Answering God’s Call


So Elijah went from there and found Elisha son of Shaphat. He was plowing with twelve yoke of oxen, and he himself was driving the twelfth pair. Elijah went up to him and threw his cloak around him.  Elisha then left his oxen and ran after Elijah. “Let me kiss my father and mother good-by,” he said, “and then I will come with you.” “Go back,” Elijah replied. “What have I done to you?”  So Elisha left him and went back. He took his yoke of oxen and slaughtered them. He burned the plowing equipment to cook the meat and gave it to the people, and they ate. Then he set out to follow Elijah and became his attendant. – 1 Kings 19:19-21 (NIV)

In a land of false prophets and false gods, it is impressive that Elisha has a heart worthy of a prophet of the one true God.  It is impressive that not only has Elisha and his family survived in the midst of this world, but thrived.  Elijah doesn’t find him hiding in a cave or living in poverty, but driving a team of 12 oxen.  He had the markings of a man blessed by God and yet he left it all for a cloak across his shoulders.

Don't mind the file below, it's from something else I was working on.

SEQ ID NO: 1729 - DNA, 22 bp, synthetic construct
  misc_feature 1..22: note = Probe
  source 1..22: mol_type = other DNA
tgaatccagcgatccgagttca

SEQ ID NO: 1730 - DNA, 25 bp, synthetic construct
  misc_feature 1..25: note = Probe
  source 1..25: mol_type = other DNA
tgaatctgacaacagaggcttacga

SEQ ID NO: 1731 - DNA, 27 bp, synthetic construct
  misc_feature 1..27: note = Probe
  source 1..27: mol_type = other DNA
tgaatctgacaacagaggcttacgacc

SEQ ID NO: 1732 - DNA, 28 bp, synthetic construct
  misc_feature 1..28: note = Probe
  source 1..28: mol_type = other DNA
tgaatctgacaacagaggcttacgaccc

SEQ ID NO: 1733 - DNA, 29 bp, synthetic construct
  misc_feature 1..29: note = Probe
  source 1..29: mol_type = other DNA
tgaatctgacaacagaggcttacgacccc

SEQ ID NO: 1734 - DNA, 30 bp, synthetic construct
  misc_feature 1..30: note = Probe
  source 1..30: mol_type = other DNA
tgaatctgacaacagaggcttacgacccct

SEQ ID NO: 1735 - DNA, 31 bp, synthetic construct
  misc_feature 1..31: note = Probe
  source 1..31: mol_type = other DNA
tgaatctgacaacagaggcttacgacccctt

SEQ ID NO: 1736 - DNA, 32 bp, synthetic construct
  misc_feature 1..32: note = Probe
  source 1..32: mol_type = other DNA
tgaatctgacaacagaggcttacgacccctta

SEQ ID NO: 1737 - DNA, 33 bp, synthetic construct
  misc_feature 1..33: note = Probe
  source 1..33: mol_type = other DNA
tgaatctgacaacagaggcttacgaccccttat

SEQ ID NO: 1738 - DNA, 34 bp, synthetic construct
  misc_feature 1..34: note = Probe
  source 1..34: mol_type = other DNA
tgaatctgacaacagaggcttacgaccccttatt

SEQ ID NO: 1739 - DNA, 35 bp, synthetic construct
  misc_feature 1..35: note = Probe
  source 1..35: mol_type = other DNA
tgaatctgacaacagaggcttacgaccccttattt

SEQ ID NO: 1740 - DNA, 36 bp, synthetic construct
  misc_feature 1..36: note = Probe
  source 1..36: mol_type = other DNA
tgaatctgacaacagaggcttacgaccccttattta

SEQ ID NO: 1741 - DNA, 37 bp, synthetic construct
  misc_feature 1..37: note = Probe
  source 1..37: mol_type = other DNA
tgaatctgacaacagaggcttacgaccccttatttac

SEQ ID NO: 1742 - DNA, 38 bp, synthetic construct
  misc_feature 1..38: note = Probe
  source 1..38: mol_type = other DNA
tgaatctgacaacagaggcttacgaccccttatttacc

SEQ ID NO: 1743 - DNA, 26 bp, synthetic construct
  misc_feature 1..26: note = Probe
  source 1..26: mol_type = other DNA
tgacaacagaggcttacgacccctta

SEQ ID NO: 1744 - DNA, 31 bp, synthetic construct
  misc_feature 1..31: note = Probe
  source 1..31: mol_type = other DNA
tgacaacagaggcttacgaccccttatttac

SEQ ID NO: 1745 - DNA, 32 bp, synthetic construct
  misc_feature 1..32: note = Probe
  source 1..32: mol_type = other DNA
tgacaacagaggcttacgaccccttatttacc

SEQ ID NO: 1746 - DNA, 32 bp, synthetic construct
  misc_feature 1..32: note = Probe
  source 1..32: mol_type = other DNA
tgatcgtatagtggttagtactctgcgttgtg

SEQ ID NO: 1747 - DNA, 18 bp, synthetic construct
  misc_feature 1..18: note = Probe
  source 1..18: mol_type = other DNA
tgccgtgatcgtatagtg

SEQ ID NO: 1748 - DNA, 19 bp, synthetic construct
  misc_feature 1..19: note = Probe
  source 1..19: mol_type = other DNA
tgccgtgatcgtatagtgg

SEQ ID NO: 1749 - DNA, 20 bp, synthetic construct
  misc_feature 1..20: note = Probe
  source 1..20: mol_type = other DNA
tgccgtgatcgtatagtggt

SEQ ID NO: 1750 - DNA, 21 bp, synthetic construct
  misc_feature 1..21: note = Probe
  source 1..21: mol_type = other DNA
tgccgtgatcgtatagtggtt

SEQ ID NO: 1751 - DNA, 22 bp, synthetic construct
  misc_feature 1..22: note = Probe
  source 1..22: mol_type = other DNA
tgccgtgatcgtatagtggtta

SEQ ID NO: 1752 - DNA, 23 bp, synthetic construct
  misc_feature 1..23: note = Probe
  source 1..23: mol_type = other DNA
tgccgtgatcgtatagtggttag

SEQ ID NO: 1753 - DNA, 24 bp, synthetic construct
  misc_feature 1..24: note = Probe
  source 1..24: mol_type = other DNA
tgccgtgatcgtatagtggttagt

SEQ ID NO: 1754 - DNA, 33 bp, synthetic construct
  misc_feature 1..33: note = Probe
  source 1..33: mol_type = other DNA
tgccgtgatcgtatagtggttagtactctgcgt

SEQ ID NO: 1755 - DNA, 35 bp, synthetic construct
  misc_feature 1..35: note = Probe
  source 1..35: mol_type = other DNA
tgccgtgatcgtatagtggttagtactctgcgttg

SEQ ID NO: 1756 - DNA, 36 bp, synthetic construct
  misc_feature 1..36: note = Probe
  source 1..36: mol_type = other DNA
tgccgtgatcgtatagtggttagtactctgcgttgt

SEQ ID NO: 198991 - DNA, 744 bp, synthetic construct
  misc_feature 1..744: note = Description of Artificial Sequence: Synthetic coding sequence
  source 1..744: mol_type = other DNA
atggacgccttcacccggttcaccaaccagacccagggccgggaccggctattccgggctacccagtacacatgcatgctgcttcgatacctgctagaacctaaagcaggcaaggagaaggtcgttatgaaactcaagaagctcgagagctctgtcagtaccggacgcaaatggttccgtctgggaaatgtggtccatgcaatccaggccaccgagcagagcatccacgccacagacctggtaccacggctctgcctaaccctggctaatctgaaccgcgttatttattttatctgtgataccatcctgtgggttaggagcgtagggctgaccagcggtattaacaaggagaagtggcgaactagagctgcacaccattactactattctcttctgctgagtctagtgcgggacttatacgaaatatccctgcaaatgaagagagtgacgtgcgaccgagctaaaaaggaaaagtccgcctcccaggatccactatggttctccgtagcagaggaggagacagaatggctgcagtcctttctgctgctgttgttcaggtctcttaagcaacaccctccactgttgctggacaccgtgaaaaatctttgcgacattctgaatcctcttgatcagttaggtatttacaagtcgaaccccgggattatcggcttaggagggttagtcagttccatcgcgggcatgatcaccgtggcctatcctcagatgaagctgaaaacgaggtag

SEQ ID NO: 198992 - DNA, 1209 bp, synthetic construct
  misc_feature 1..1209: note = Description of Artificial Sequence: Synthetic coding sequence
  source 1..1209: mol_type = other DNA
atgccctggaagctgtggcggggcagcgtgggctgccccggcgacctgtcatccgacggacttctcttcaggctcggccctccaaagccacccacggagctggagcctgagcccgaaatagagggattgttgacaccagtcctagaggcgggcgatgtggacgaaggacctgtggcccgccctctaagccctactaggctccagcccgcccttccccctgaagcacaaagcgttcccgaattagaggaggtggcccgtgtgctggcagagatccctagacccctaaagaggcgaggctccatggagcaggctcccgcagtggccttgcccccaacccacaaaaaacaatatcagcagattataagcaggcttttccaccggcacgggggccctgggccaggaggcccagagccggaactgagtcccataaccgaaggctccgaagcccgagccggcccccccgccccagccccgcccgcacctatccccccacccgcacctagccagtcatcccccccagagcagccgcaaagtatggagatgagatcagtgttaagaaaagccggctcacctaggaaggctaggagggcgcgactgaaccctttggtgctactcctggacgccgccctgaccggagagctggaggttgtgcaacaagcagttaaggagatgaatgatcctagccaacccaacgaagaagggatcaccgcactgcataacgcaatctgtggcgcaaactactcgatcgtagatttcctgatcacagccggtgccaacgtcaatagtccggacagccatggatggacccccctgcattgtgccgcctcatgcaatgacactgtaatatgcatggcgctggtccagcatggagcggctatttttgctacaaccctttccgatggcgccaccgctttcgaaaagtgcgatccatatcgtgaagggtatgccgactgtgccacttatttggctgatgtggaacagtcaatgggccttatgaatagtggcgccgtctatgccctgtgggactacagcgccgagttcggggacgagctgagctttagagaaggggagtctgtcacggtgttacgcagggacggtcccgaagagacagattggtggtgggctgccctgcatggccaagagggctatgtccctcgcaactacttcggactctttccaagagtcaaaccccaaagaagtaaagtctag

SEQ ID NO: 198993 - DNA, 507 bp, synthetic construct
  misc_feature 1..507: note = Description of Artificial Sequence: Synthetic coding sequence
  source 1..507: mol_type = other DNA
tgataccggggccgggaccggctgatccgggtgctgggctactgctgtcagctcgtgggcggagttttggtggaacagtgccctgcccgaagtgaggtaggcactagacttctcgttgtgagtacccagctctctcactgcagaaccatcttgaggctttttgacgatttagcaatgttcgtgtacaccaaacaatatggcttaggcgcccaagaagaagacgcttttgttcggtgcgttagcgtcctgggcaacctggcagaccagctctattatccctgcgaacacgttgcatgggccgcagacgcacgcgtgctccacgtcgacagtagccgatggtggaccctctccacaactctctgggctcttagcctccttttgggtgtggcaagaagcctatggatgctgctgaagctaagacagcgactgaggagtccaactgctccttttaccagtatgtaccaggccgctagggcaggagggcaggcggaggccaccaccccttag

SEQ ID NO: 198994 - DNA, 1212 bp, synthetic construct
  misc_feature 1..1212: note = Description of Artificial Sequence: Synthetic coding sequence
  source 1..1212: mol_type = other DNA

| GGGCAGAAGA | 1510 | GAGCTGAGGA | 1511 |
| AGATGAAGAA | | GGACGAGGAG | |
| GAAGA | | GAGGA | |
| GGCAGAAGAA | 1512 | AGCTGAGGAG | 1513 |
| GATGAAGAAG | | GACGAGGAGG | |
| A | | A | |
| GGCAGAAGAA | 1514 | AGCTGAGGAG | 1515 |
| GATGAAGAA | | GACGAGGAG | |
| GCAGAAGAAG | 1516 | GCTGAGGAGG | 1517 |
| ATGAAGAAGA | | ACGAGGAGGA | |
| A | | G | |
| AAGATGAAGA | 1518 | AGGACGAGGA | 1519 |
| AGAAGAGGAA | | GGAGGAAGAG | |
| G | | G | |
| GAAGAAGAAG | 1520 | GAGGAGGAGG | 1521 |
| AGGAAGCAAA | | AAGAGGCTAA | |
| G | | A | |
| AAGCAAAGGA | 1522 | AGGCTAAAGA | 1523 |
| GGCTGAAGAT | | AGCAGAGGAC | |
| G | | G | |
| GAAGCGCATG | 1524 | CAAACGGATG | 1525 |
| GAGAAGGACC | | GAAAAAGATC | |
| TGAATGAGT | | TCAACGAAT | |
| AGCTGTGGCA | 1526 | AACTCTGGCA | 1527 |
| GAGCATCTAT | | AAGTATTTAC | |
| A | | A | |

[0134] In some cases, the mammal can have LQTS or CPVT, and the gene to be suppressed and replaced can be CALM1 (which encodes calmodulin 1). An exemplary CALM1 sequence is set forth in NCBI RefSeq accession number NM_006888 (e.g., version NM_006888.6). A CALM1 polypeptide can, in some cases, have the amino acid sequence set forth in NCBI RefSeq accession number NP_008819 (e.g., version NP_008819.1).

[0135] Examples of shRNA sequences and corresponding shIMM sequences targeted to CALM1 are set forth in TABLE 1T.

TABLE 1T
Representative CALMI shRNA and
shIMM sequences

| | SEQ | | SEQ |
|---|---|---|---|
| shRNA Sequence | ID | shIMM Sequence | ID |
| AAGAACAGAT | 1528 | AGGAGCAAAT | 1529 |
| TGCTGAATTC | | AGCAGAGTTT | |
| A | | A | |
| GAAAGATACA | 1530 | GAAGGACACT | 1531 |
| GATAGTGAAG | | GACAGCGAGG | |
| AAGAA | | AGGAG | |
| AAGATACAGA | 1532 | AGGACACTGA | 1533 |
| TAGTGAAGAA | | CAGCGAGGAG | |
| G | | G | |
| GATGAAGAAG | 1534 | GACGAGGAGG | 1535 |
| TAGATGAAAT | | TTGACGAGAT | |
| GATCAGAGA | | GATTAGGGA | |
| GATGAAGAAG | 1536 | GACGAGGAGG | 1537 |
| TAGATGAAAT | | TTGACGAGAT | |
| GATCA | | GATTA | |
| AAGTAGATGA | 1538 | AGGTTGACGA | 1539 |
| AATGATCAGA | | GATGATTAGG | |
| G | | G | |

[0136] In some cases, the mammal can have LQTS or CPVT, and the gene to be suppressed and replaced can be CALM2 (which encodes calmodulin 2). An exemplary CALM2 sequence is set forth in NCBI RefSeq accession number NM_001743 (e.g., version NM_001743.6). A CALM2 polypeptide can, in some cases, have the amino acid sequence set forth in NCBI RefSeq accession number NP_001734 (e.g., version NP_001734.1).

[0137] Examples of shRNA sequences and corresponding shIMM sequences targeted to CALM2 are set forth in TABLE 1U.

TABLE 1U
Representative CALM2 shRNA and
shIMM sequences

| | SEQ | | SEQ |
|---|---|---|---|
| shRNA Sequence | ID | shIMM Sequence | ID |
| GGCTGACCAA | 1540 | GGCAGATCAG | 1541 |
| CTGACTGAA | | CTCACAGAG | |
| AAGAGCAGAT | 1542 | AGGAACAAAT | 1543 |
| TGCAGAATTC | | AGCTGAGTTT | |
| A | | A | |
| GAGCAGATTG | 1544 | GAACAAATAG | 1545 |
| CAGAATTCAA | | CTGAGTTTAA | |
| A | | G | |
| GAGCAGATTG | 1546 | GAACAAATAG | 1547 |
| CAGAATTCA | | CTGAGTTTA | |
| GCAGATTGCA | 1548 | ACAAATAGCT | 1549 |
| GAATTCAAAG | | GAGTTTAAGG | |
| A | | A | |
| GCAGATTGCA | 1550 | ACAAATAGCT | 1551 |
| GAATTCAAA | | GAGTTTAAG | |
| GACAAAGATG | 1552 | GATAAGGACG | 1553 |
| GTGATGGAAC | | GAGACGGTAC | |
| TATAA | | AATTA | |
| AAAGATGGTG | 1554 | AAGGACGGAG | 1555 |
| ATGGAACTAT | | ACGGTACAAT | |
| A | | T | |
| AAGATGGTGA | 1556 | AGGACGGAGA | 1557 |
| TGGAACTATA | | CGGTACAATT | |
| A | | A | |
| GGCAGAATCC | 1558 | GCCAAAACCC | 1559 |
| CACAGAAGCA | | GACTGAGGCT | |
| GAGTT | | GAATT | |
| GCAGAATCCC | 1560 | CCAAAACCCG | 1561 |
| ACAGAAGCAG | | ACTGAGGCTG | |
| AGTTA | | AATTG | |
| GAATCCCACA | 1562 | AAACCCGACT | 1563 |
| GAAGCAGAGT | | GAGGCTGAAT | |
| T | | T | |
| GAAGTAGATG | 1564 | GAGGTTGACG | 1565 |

God’s call is a blessing beyond compare.  It defines action and gives focus to our thoughts and dreams.  God’s calling is His fingerprint on the purpose for our existence and we are all called, including our children.  Are we ready for our children to answer God’s call on their lives?   Are we preparing our children to be God’s servants?

The question we need to be asking our children is not “What do you want to be when you grow up?” but “Whose do you want to be right now and for the rest of your life?”  We work so hard to get our children to choose the right sport, the right school and the right career and hope these experiences will help them find God’s call.  That seems backwards.  We should be doing everything we can, through prayer, study and conversation, to help our children answer God’s call and let Him take them where He needs them, when He needs them.

Once Elisha is called, there is nothing left to do but throw a big BBQ and say his goodbyes.  He breaks ties with his former life and moves forward into the life God has called him to not in grief, but celebration.  The next question we need to ask is of ourselves: “Do we love our children enough and trust God enough to release them to God’s call?”  I wonder how many missionary posts would be filled if parents released their children to answer the call.  I wonder how many communities would be transformed if God’s call was more important than career options in family conversations.  I hope my wife and I have the courage to raise our daughters to answer the call, and the faith to release them to follow it wherever God leads them.

Lord, help me to be brave in raising my children to be called by You.  Give me the perseverance and faith to lead them forward into a life defined by Your call. Amen.

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